March 25, 2011
A recent article featured in the Robert Wood Johnson Foundation News Digest on Childhood Obesity highlights a simple strategy that can be implemented in restaurants and other venues to improve the food environment.
The innovative new strategy is to change the offerings on children’s menus to highlight the healthier options. One way to do this is to set the default side options for children’s meals to healthier items. The default refers to the items that come with a combination meal if you do not explicitly ask for certain items. Traditionally, the default side options for combination meals have been soda and french fries. Healthier options are items that are advertised as alternatives to the defaults, such as apple slices, carrot sticks,100% fruit juices, low-fat milk, or water.
Shifting the restaurant food environment in this way-making lower-calorie beverage options and fresh fruits and vegetables the norm-may help to improve children’s nutrition when eating away from home. This is significant, as the number of meals children eat away from home has been increasing in recent years. Offering healthier items as the default also changes the decision-making environment by facilitating healthy choices rather than requiring people to alter their own behavior.
This type of strategy has been dubbed “libertarian paternalism” by University of Chicago professors Richard Thaler and Cass Sunstein in their recent book Nudge: Improving Decisions about Health, Wealth and Happiness. A “nudge” is designed to steer individuals towards a certain behavior without taking away their freedom of choice. In terms of this strategy, if the default or highlighted item is healthy, parents may be less likely to purchase high-fat, high-sugar side items as replacements because they will have to actively request those items. Furthermore, parents won’t have to argue with their children about which items to purchase. Check out the Nudge blog for other applications of libertarian paternalism.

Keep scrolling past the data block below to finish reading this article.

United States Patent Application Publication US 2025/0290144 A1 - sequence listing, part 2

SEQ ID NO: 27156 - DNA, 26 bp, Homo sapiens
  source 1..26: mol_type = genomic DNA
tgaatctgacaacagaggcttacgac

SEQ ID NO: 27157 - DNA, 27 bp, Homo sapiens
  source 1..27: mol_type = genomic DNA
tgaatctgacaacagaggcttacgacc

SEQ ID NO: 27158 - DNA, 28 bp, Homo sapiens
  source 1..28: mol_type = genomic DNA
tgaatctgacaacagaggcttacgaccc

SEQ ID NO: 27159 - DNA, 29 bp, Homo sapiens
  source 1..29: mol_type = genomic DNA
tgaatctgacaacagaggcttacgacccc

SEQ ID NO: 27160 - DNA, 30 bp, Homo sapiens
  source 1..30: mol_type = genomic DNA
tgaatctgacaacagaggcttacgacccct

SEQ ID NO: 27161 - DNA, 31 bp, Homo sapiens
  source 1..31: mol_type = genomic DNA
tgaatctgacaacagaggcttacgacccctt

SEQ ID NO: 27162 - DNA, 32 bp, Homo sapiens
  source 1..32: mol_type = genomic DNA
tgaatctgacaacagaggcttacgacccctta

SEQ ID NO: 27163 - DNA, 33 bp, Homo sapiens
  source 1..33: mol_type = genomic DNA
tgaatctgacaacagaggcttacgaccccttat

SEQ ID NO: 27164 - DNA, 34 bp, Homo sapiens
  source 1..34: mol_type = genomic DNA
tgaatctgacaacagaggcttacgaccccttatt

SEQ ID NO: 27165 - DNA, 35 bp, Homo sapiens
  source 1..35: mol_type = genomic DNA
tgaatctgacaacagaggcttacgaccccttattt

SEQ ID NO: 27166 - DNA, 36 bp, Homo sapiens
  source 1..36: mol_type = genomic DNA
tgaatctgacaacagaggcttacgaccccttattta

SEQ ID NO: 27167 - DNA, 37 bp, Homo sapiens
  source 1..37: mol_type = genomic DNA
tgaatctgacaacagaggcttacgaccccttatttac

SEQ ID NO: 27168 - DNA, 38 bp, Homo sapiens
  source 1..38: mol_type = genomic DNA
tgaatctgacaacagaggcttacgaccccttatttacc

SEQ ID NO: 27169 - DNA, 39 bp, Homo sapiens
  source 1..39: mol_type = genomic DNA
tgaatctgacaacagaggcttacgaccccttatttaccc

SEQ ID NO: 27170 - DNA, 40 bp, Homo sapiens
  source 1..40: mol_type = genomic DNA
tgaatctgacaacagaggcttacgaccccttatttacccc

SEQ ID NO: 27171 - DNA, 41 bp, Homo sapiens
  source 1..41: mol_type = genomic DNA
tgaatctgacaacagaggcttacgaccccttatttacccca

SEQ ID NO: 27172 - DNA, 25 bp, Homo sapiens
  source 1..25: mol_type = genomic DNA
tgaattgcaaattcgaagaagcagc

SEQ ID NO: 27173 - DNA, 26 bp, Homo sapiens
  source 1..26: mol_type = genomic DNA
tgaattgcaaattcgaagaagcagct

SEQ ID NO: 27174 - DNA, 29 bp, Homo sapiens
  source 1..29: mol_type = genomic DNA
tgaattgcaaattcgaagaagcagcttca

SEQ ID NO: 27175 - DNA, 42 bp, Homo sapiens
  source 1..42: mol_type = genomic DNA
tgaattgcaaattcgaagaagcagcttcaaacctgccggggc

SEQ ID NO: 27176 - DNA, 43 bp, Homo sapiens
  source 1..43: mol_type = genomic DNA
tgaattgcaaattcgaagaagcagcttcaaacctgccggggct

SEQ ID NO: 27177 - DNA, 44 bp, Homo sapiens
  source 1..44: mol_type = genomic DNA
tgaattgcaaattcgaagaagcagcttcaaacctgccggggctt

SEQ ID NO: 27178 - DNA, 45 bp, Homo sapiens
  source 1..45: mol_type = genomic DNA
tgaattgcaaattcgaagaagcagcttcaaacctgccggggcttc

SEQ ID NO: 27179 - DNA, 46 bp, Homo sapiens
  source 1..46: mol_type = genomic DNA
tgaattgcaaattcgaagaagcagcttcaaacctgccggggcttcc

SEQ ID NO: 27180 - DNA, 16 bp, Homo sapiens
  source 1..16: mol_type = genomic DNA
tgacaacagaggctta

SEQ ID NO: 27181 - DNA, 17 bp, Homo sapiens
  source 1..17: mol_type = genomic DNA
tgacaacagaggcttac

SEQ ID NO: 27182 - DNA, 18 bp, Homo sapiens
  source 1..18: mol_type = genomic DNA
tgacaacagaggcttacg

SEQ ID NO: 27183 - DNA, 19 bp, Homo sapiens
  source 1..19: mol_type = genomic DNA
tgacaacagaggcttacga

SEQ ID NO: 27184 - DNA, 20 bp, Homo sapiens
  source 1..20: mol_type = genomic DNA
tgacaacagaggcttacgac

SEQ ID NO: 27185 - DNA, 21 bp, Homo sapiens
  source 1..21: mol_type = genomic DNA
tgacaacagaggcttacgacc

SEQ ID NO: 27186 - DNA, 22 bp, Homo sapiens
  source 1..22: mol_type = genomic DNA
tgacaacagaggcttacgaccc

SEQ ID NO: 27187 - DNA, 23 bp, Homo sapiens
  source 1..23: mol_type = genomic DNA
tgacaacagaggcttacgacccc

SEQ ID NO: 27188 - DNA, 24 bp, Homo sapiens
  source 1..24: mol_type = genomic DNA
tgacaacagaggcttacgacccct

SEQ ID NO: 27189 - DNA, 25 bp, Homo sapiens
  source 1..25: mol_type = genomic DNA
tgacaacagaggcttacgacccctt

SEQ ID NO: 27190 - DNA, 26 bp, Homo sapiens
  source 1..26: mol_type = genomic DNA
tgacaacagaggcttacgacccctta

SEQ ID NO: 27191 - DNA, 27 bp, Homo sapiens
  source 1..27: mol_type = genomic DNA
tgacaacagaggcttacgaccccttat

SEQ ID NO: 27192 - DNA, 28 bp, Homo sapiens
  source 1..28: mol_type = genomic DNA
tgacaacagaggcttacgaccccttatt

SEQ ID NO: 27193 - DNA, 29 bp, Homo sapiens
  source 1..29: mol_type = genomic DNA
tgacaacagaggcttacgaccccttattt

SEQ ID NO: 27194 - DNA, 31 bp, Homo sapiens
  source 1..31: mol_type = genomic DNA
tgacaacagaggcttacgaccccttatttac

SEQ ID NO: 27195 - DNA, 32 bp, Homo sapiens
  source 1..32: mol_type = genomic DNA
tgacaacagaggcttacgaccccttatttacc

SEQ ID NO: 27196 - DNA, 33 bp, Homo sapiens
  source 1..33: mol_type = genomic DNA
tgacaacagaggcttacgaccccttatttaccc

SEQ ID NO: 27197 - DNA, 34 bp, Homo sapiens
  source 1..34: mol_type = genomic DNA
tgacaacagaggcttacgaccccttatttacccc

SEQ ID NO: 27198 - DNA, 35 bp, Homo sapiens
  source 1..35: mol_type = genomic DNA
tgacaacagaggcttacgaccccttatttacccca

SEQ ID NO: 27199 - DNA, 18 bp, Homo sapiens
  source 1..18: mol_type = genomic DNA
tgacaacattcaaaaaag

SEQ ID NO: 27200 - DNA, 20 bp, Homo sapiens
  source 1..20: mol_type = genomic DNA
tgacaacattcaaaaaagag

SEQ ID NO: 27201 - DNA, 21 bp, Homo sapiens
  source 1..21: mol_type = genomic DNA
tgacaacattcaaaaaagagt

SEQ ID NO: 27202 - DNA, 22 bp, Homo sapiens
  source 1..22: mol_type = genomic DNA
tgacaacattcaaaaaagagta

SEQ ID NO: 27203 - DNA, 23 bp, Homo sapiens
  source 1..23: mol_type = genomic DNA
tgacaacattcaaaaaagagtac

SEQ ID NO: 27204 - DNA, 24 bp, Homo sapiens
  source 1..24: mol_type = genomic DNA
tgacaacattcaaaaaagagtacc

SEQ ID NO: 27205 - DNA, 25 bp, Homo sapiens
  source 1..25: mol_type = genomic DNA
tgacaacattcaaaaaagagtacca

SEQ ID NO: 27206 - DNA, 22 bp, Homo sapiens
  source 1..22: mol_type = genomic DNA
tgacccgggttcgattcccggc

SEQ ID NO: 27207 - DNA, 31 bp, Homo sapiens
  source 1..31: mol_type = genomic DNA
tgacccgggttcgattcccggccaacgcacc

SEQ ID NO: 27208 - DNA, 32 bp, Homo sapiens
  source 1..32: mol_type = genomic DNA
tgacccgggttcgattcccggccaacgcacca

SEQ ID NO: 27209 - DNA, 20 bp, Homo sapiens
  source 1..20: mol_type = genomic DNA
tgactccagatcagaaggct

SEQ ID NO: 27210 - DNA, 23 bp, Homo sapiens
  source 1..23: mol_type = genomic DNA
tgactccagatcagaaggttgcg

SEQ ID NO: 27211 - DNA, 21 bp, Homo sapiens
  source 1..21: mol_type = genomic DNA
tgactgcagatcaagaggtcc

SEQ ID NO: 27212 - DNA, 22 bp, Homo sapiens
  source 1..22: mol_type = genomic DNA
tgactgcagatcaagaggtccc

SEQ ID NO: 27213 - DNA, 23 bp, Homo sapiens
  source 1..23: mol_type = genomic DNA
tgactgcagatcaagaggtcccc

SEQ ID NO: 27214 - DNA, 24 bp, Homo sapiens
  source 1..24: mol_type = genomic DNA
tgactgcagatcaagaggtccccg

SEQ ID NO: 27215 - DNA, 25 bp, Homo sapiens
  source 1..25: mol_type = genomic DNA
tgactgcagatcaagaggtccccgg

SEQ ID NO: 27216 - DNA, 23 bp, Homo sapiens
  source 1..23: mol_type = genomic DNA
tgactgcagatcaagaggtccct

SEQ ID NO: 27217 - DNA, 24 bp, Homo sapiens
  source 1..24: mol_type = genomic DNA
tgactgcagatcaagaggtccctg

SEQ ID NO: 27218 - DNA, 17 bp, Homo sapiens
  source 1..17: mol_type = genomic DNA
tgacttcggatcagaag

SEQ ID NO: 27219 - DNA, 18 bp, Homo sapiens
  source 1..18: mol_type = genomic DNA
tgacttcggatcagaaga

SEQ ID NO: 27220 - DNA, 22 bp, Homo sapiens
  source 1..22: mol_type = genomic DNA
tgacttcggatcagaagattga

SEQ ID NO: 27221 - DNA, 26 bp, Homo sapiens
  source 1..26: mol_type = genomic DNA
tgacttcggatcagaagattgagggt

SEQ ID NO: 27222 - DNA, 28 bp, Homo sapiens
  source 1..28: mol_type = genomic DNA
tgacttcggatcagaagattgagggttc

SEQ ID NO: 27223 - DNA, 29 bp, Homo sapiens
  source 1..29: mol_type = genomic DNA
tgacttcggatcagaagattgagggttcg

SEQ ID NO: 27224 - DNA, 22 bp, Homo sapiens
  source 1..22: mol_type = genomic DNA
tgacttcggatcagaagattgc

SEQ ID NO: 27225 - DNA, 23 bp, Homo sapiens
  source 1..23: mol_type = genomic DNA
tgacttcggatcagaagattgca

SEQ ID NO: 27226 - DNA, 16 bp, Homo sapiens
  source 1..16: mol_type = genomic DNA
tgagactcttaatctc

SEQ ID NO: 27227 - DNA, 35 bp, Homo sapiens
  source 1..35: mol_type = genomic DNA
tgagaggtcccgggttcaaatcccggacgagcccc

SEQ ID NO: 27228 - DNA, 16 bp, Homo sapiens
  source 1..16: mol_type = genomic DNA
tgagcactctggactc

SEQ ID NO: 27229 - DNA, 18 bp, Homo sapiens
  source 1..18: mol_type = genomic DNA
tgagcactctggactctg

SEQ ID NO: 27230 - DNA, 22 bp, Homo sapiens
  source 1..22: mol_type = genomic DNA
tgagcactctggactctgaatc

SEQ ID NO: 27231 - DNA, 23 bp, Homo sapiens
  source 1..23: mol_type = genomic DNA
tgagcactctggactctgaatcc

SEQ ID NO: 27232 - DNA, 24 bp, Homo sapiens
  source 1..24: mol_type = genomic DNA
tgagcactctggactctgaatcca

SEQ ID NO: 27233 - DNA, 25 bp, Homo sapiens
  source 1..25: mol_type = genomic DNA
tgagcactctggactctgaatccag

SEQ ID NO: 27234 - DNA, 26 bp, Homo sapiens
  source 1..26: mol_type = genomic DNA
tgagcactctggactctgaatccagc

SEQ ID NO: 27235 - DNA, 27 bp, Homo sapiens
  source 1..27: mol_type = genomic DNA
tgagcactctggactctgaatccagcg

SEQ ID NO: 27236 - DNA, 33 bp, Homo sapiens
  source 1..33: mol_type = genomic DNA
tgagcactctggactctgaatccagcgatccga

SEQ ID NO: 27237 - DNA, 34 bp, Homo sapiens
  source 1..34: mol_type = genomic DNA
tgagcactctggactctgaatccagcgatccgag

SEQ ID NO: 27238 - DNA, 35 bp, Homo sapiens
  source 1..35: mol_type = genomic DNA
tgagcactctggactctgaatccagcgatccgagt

This program could be easy for fast-food restaurants to adopt. Most of these restaurants already advertise and offer healthier items as part of their menus. The next step would be to redo menu boards to highlight the healthier items and retrain employees about how to present the choices available for children’s meals. Although McDonalds is doing pilot testing of a “Next-Generation” Happy Meal, which will come with an additional fruit or vegetable option, no large fast-food companies currently offer their healthy items as the default for children’s meals-or adult meals, for that matter.
Hats off to the Westside Café, who partnered with Healthy Kids Choice and Palomar Pomerado Health Community Action Council to adopt this type of program. A similar program has been in place at Walt Disney theme park restaurants since 2006 and adoption rates for the healthier options are reported at 66.5%. Fast-food restaurants around the country should follow in the footsteps of these pioneers and start making health the default on their menus.
To learn more, see a fact sheet and literature review on default options developed by the Center for Science in the Public Interest: